Winterizing Your Home

Be water wise, winterize!

Preventing Frozen Pipes

Every winter, homeowners in the state of Georgia suffer from the destruction, frustration, and financial burden caused by freezing and bursting water pipes because they did not go through the proper process of winterizing your home.

Freezing can occur in any water pipe exposed to temperatures of 32 °F or below. As freezing water expands, it generates enough pressure to burst pipes and fixtures. When frozen pipes thaw, flooding can occur and cause extensive damage. Pipes in garages, attics, crawl spaces, and unheated rooms are particularly susceptible to freezing. Pipes in exterior walls may also freeze with temperatures below freezing during severely cold weather.

During the winter, if you are going to be away from your mountain home for more than a day, certain home-winterizing steps should be followed. By taking a few simple precautions, you can avoid the frustration, destruction, and expenses caused by frozen pipes. The City of Big Bear Lake Department of Water (DWP) recommends you use this guide to help prevent frozen pipes and protect your investment. 

What to Know About Winterizing Your Home Before Cold Weather Hits

  • Know Where Your Shut-Off Valve Is: All responsible household members should know where the home’s shut-off valve is located prior to needing it for an emergency. Every home should be equipped with a shut-off valve called a “stop and drain valve”. Generally, a stop and drain valve is located on the service line on your side of the water meter, near the house (see plumbing diagram below). Mark your stop and drain valve with a tall stake so it can be easily identified under heavy snow. The KV valve, inside the meter box, is not for winterization use.
  • Get a Stop and Drain Valve Key: When winterizing your home, using pliers or a wrench can cause damage to your stop and drain valve. Specially designed stop and drain valve keys are available at local hardware stores. Make sure you keep the key in an easy to reach location, but never leave it at the valve.
  • Insulate Pipes and Faucets: If you have pipes in unheated areas, such as the garage or a crawl space under the house, insulate them with items such as pipe wrap, foam jackets, or heat tape. Insulating products are available at local hardware stores or building supply retailers. Follow all manufacturers’ installation and operation instructions. If you have questions, call a professional for help.
  • Seal Off Air Leaks: With cold winter winds, a tiny opening can let in enough cold air to freeze a pipe. Look for leaks around dryer vents, electrical wiring, and pipes. Use caulk or insulation to keep the cold air out. Don’t cover or block air vents for your water heater or furnace; proper ventilation is important for those items.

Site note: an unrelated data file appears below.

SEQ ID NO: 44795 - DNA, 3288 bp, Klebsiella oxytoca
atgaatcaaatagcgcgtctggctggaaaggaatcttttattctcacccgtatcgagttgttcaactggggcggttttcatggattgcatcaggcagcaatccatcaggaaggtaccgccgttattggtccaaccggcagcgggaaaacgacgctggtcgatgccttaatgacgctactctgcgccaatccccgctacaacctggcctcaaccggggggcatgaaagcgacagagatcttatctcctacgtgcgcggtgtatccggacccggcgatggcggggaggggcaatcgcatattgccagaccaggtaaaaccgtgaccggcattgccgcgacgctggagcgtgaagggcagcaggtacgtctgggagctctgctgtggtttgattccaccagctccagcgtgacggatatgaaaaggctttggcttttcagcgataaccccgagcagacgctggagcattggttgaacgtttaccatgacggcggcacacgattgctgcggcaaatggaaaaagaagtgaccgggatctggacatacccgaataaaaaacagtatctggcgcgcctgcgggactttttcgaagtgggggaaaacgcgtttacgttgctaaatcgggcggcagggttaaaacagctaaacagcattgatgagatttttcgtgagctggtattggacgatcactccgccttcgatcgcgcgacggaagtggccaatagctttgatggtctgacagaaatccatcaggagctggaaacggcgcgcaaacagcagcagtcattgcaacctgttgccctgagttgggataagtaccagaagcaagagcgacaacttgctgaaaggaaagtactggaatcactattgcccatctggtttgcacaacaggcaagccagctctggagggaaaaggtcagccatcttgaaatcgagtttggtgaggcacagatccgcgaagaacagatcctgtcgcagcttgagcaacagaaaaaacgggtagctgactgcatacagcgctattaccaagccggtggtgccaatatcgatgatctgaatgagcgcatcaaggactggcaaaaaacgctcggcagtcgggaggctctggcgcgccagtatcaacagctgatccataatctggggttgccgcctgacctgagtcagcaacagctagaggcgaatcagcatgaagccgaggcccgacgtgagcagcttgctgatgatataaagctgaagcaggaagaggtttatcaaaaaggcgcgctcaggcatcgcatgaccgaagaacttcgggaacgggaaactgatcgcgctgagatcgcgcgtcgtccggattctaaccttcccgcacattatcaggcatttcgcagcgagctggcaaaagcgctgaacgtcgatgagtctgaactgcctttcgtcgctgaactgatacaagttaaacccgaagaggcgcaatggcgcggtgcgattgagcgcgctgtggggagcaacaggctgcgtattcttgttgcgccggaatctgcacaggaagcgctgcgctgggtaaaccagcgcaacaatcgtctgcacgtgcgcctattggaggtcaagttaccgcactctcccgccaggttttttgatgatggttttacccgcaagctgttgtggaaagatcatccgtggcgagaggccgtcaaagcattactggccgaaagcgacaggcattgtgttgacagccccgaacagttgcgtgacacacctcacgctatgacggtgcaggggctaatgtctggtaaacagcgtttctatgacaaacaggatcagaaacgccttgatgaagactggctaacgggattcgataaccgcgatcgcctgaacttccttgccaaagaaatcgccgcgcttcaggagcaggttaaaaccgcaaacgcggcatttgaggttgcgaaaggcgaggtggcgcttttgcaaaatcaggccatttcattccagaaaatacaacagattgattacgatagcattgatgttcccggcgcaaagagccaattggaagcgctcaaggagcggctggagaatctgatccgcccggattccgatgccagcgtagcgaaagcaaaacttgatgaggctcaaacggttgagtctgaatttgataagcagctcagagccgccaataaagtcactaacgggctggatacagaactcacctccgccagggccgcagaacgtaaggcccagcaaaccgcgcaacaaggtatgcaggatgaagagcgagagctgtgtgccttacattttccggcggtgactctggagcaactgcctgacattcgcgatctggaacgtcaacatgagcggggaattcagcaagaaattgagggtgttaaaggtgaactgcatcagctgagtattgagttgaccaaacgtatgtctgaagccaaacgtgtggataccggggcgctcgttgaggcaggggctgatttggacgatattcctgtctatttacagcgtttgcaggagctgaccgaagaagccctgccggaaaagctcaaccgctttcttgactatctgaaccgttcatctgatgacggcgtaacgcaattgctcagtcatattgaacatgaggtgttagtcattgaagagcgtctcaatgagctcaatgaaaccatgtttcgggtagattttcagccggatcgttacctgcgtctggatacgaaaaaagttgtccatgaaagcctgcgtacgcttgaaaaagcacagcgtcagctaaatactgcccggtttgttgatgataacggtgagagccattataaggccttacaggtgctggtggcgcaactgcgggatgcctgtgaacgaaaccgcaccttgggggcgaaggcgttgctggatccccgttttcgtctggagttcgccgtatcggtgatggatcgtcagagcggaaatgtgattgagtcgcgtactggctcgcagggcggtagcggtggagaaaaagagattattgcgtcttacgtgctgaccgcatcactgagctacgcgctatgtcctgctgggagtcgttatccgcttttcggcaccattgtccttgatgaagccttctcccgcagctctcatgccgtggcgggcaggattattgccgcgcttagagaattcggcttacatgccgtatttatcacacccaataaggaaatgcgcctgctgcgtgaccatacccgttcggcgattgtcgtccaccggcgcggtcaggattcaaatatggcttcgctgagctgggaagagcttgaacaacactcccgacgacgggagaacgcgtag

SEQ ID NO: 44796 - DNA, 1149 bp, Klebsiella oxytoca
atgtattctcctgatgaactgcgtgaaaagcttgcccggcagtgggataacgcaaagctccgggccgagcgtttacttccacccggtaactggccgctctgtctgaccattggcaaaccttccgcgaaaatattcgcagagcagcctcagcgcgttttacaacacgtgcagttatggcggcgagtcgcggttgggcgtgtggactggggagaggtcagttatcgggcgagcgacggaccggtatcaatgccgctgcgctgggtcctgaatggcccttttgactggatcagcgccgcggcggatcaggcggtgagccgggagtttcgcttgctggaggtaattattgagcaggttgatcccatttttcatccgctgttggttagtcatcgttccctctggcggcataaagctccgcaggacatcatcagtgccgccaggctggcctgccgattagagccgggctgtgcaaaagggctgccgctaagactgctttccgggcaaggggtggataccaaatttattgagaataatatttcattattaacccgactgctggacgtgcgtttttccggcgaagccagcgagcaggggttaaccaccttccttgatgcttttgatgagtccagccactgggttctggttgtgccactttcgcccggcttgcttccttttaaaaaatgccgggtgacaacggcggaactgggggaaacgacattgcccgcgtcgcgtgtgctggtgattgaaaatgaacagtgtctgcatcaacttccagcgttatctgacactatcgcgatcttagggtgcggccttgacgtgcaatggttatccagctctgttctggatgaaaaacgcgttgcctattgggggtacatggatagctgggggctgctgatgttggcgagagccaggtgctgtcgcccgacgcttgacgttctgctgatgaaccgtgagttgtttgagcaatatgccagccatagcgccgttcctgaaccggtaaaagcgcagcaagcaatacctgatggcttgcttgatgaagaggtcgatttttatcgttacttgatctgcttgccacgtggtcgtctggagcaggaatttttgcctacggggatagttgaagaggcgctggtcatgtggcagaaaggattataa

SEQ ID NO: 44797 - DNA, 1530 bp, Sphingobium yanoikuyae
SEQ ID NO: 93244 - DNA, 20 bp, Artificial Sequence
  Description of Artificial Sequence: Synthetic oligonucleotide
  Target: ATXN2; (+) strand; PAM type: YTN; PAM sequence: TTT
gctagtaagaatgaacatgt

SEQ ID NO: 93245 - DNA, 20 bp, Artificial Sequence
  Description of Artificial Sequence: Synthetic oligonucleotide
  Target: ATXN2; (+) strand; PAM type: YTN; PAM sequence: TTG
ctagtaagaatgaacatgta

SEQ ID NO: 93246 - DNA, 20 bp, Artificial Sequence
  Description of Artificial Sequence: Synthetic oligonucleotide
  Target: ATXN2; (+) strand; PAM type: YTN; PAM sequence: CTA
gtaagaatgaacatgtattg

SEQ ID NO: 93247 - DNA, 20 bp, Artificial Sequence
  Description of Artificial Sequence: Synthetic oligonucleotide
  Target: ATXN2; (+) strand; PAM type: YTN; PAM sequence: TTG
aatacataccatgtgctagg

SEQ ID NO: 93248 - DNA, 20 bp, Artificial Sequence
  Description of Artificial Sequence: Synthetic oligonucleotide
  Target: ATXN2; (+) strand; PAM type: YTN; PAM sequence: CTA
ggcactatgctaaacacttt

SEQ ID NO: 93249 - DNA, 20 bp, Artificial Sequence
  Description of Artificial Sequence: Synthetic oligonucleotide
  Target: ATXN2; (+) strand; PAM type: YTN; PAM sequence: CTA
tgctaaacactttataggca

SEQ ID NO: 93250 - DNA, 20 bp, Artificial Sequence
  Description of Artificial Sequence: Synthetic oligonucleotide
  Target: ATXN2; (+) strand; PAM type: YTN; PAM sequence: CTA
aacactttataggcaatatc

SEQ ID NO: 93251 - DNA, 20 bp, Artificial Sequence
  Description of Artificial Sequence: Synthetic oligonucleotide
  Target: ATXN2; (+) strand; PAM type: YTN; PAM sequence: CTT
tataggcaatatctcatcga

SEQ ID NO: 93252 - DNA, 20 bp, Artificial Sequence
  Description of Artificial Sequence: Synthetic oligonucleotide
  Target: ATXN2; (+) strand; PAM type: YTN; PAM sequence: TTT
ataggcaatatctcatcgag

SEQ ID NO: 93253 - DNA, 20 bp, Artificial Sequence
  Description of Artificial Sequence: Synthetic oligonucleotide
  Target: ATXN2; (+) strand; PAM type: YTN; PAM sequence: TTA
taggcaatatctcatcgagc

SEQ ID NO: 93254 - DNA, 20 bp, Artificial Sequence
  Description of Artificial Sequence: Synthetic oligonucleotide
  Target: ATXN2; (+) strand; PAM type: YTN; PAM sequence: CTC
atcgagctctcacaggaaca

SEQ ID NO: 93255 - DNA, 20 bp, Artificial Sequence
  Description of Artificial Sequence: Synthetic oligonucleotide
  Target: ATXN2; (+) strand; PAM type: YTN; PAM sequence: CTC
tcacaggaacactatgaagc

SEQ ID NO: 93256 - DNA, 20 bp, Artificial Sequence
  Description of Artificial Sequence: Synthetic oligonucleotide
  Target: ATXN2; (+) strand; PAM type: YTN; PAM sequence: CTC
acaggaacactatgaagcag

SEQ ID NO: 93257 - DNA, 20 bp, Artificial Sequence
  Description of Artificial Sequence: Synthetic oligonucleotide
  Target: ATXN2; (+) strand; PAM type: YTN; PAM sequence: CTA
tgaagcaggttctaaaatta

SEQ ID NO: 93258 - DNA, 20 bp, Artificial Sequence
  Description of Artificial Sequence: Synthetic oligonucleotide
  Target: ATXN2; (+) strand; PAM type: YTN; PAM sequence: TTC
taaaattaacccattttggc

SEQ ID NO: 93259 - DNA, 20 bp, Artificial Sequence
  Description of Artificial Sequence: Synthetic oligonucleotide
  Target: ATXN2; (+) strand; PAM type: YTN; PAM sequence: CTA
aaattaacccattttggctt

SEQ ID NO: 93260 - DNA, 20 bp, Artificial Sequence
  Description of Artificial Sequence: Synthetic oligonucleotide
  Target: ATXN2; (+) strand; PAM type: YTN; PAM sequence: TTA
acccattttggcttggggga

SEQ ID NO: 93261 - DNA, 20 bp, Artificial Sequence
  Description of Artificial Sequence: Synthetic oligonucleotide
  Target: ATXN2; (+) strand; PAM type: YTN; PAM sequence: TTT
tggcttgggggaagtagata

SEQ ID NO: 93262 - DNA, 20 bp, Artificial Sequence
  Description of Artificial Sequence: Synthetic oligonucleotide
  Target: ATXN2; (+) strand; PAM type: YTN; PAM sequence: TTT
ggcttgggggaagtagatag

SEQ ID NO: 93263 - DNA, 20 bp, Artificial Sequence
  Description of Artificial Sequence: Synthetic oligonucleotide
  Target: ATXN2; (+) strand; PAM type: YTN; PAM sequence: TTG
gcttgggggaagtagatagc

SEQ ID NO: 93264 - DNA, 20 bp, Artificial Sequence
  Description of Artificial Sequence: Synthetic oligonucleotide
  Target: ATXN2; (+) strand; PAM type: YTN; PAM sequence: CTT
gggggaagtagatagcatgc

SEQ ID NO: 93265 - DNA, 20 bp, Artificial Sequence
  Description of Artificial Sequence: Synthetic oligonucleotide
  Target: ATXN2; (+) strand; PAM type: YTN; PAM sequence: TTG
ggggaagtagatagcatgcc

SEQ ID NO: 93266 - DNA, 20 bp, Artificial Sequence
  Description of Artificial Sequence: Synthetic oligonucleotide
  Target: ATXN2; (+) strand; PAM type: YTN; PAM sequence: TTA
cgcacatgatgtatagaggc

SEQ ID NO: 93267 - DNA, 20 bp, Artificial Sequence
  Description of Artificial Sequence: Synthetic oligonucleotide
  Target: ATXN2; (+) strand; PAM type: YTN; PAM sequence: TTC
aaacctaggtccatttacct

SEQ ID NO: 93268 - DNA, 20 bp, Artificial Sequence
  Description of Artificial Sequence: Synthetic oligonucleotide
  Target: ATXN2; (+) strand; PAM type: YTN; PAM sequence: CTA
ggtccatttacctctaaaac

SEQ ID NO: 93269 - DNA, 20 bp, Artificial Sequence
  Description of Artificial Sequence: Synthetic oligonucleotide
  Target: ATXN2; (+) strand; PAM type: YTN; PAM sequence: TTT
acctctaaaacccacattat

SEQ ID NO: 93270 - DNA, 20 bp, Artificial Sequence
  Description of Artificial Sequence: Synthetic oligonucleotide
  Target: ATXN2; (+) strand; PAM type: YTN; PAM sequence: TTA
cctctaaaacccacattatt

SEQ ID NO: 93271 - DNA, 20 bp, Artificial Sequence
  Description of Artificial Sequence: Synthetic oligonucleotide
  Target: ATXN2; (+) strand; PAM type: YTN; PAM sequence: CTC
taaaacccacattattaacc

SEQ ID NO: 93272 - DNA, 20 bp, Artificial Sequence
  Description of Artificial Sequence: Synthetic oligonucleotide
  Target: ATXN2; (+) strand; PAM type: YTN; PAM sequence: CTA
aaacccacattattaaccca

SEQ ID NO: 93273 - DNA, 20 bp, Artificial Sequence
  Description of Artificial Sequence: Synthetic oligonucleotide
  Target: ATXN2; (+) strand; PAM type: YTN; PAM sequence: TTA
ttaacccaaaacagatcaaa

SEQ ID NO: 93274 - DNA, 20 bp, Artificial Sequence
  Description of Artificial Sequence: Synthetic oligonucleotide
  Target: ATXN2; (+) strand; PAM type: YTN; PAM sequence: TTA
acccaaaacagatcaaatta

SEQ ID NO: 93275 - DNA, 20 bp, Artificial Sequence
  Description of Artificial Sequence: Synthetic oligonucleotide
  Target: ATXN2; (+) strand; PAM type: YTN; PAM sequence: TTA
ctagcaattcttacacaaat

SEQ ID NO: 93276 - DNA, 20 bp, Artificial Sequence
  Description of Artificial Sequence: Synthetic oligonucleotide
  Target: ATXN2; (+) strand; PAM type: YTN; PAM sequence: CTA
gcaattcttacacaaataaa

Winterization Info/Checklist


Winterizing your Home: The Ultimate Checklist

Shut Off and Drain Outdoor Irrigation System

The DWP requires irrigation systems to be shut off from November 1st to April 1st.

  1. Set the automatic irrigation controller to the “Off” setting.
  2. Turn off water to the irrigation system at the stop and drain valve. Many homes have separate stop and drain valves for the outdoor water supply. Make sure the different valves are labeled so they are easy to identify.
  3. Drain all water out of any irrigation components that might freeze. Some systems may drain automatically.
  4. Disconnect garden hoses from hose bibs.

Shut Off and Drain Indoor Plumbing

  1. Shut off water using the stop and drain valve. Use caution to make sure this valve has been completely turned off. If this valve isn't closed correctly, the water will continue to feed the house and/or flow out the drain valve port.
  2. Drain all water out of the pipes by opening every faucet until the water stops running. After the water has stopped, turn off the faucets. If water does not stop, go check the stop and drain valve to make sure it’s shut off all the way.
  3. Flush Toilets.
  4. Pour biodegradable anti-freeze into all toilet bowls and sinks to displace water in the drain pipes. Carefully follow manufacturers’ instructions and always store in a child and pet proof location.
  5. Open your hot water drain valve, usually located at the low point of your hot water pipes. If you choose to drain your hot water tank, turn off the gas or electric supply to the heater.

Alternative Freeze Prevention

Did you know that an eighth-inch (three millimeter) crack in a pipe can leak up to 250 gallons (946 liters) of water per day? That's a problem nobody wants to have.

Instead of draining your home’s water system, you may heat the home to avoid freezing pipes. However, leaving your thermostat at 45 to 55 degrees does NOT always ensure that the pipes will not freeze. Winter storms may cause power outages, which will cause some heating systems to shut off, resulting in frozen pipes.

If Your Pipes Freeze

If you turn on the faucets and nothing comes out, call RooterPLUS. We can send a field employee to your home to help evaluate the situation. If you have detected that your pipes are frozen, you may need to call a plumber or wait for the pipes to thaw out. Turning up the home’s thermostat might help unfreeze the pipes.

Open all faucets in the house. When water freezes, it expands by 1/5th its original volume. By relieving pressure, due to the expanding water, you may avoid additional pipe damage.

Once your pipes have thawed, it is important that you carefully inspect your home for any signs of a leak. The freezing of the pipes could have caused a pinhole leak, hairline break, or large crack.